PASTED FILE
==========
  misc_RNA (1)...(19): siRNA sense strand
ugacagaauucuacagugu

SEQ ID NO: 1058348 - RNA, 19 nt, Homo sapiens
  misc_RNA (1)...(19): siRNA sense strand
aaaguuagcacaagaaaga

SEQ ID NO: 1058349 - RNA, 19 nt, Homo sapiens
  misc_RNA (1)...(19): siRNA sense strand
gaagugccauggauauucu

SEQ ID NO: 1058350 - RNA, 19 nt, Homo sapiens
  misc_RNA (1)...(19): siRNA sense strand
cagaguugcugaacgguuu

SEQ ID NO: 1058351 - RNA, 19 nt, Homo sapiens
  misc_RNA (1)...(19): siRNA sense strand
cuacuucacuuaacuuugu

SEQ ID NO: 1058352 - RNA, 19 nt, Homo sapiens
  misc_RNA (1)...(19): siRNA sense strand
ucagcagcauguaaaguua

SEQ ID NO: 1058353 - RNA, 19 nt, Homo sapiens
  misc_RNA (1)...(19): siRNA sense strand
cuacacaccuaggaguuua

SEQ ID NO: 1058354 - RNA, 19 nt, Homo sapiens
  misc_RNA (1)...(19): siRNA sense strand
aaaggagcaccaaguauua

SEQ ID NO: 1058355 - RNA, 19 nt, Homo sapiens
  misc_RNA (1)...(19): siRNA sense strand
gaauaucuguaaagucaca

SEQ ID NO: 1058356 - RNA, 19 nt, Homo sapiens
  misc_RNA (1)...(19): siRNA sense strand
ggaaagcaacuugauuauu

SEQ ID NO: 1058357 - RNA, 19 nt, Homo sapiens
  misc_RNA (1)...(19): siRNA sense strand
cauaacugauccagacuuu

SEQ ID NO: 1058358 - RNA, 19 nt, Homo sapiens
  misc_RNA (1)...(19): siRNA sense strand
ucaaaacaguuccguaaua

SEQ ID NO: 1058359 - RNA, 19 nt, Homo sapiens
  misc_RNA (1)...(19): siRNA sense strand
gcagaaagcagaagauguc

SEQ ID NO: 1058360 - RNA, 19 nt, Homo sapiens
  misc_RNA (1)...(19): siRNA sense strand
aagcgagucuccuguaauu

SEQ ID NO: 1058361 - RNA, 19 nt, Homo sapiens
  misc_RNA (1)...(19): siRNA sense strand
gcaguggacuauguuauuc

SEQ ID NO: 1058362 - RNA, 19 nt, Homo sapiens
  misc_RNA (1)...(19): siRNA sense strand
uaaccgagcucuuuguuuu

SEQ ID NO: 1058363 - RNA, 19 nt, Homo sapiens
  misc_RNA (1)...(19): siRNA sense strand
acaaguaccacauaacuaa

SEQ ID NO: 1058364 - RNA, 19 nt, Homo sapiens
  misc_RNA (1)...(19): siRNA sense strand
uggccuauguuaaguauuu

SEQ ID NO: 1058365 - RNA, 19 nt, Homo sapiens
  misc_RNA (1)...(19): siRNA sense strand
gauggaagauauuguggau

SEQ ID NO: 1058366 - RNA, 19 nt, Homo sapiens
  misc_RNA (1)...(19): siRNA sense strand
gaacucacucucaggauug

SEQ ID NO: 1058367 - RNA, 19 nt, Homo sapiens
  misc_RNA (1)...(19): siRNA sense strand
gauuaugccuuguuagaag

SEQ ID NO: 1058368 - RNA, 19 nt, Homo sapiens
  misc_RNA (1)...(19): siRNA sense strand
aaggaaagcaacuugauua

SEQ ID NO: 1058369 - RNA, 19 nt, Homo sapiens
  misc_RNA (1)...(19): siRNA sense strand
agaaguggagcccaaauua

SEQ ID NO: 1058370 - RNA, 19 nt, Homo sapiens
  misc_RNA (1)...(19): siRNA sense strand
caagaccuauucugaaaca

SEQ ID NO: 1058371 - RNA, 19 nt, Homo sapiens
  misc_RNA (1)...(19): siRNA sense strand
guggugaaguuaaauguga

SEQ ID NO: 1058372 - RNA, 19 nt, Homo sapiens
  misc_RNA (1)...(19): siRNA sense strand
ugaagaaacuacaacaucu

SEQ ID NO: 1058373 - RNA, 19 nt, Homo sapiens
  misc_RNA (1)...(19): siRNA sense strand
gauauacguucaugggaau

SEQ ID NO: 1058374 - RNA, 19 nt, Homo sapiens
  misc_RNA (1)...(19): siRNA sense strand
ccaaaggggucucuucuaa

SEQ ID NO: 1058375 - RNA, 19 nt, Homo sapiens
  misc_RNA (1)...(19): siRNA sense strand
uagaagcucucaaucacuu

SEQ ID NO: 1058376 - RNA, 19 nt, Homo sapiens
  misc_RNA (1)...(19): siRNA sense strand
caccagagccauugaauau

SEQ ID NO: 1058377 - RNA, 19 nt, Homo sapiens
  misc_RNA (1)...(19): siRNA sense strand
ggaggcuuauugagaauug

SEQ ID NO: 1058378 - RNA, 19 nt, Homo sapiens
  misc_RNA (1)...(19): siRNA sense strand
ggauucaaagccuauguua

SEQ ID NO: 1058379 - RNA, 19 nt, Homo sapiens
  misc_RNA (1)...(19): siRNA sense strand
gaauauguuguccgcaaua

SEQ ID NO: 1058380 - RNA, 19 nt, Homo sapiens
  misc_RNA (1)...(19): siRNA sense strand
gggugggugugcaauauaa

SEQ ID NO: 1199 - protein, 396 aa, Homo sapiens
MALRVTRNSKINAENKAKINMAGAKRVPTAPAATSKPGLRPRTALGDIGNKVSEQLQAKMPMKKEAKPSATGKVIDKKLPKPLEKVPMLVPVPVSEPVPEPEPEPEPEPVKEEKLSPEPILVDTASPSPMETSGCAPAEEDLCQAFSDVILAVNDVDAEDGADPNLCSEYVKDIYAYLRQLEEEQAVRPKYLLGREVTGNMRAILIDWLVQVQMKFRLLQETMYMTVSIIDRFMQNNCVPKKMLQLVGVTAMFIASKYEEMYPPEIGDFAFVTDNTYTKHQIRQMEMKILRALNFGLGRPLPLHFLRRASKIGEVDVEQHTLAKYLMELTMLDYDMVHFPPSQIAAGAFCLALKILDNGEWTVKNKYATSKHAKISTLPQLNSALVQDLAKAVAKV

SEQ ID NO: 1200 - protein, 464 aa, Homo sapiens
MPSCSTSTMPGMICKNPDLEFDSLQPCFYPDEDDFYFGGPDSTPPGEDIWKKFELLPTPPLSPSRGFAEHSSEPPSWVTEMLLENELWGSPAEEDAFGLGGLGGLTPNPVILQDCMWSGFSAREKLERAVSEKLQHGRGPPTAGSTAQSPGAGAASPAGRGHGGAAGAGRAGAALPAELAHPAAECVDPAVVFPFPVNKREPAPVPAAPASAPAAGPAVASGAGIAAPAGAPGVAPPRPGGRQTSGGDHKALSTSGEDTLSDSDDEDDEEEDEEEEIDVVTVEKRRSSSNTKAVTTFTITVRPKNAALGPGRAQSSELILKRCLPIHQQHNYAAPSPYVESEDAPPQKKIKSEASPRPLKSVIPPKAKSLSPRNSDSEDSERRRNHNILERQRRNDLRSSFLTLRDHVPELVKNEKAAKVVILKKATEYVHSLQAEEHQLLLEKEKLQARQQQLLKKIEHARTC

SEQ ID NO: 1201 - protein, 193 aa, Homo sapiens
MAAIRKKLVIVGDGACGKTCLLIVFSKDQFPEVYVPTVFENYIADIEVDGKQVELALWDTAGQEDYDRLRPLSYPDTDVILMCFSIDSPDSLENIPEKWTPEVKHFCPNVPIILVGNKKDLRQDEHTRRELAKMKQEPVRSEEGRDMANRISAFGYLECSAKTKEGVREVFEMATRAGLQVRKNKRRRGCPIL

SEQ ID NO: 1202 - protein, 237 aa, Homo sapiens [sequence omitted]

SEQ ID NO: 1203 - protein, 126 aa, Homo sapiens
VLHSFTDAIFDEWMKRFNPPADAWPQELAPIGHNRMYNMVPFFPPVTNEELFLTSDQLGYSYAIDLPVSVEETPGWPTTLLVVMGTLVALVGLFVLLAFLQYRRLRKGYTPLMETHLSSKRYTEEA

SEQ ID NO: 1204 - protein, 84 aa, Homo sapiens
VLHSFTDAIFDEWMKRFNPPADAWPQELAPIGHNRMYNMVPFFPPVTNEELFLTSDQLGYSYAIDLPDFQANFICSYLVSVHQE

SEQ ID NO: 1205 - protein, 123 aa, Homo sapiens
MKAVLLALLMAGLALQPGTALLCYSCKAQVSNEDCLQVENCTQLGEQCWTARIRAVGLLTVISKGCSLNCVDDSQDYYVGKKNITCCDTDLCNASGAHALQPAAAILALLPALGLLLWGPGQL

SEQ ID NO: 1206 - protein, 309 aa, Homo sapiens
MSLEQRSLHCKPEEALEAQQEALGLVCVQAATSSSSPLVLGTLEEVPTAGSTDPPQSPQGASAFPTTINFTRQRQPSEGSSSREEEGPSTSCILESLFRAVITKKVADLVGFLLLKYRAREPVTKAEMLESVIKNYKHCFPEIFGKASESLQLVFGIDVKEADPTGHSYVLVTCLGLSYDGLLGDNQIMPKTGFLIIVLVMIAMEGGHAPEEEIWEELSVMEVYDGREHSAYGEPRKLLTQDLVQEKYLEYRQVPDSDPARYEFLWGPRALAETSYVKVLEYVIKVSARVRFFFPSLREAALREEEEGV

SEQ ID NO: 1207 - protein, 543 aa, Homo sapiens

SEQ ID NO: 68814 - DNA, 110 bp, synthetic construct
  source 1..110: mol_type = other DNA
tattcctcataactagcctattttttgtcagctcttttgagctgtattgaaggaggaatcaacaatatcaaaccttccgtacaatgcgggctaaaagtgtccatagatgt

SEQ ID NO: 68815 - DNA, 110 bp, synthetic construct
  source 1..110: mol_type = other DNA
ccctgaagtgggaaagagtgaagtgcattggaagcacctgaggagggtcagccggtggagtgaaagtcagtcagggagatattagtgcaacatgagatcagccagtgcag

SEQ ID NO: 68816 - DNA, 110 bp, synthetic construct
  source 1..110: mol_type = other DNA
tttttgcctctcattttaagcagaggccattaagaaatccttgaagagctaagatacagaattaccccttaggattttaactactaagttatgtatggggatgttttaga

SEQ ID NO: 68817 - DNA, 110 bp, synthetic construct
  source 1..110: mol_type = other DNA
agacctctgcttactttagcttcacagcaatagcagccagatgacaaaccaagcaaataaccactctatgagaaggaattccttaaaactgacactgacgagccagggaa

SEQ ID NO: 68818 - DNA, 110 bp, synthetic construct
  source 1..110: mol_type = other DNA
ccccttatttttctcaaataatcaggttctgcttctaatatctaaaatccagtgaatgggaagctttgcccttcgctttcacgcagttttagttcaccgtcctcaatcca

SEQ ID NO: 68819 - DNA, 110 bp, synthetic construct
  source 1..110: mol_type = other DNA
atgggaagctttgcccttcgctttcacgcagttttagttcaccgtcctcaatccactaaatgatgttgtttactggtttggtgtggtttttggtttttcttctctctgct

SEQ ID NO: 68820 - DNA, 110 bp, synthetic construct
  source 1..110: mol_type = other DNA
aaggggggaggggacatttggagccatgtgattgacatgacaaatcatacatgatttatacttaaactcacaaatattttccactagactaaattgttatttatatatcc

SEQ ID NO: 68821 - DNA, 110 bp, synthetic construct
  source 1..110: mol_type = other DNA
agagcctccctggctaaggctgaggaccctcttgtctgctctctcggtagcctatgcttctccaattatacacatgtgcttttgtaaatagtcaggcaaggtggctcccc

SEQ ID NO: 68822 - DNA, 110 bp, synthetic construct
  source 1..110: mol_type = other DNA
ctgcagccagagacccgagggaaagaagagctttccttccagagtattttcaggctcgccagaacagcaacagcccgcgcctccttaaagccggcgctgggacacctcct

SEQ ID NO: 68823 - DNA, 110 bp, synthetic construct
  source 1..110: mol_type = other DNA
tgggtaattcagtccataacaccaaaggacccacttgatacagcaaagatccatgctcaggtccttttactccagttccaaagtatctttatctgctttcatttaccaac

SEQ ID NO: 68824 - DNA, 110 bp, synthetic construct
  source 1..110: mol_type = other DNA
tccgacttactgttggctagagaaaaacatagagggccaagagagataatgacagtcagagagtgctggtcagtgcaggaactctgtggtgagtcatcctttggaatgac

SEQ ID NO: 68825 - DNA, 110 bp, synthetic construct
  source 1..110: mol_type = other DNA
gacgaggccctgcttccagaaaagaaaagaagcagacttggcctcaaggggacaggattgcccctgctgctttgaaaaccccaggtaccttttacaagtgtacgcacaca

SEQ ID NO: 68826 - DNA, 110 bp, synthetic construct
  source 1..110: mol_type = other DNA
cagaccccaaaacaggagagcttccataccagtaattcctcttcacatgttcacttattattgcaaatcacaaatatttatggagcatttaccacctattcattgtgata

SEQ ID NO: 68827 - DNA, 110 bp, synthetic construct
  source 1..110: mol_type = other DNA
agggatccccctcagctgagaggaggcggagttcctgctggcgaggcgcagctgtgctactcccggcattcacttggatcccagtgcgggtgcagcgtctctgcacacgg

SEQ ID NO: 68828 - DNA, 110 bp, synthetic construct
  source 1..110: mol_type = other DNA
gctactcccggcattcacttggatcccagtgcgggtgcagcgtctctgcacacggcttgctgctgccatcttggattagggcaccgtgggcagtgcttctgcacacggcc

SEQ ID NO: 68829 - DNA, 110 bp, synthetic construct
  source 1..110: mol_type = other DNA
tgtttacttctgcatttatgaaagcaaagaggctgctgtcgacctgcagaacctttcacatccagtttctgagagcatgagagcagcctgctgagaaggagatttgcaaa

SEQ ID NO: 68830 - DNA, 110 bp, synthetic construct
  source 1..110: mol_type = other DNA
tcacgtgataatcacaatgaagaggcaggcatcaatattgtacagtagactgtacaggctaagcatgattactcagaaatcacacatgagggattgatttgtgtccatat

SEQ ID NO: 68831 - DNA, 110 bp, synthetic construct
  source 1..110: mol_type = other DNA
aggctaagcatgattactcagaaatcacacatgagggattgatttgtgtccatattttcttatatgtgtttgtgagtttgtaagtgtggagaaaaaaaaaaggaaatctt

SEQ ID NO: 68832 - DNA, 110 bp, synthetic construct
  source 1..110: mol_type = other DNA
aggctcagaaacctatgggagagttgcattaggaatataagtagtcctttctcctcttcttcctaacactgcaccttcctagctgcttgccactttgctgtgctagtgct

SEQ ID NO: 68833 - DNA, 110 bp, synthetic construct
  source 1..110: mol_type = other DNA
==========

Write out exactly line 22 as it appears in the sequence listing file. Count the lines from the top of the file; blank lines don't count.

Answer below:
  misc_RNA (1)...(19): siRNA sense strand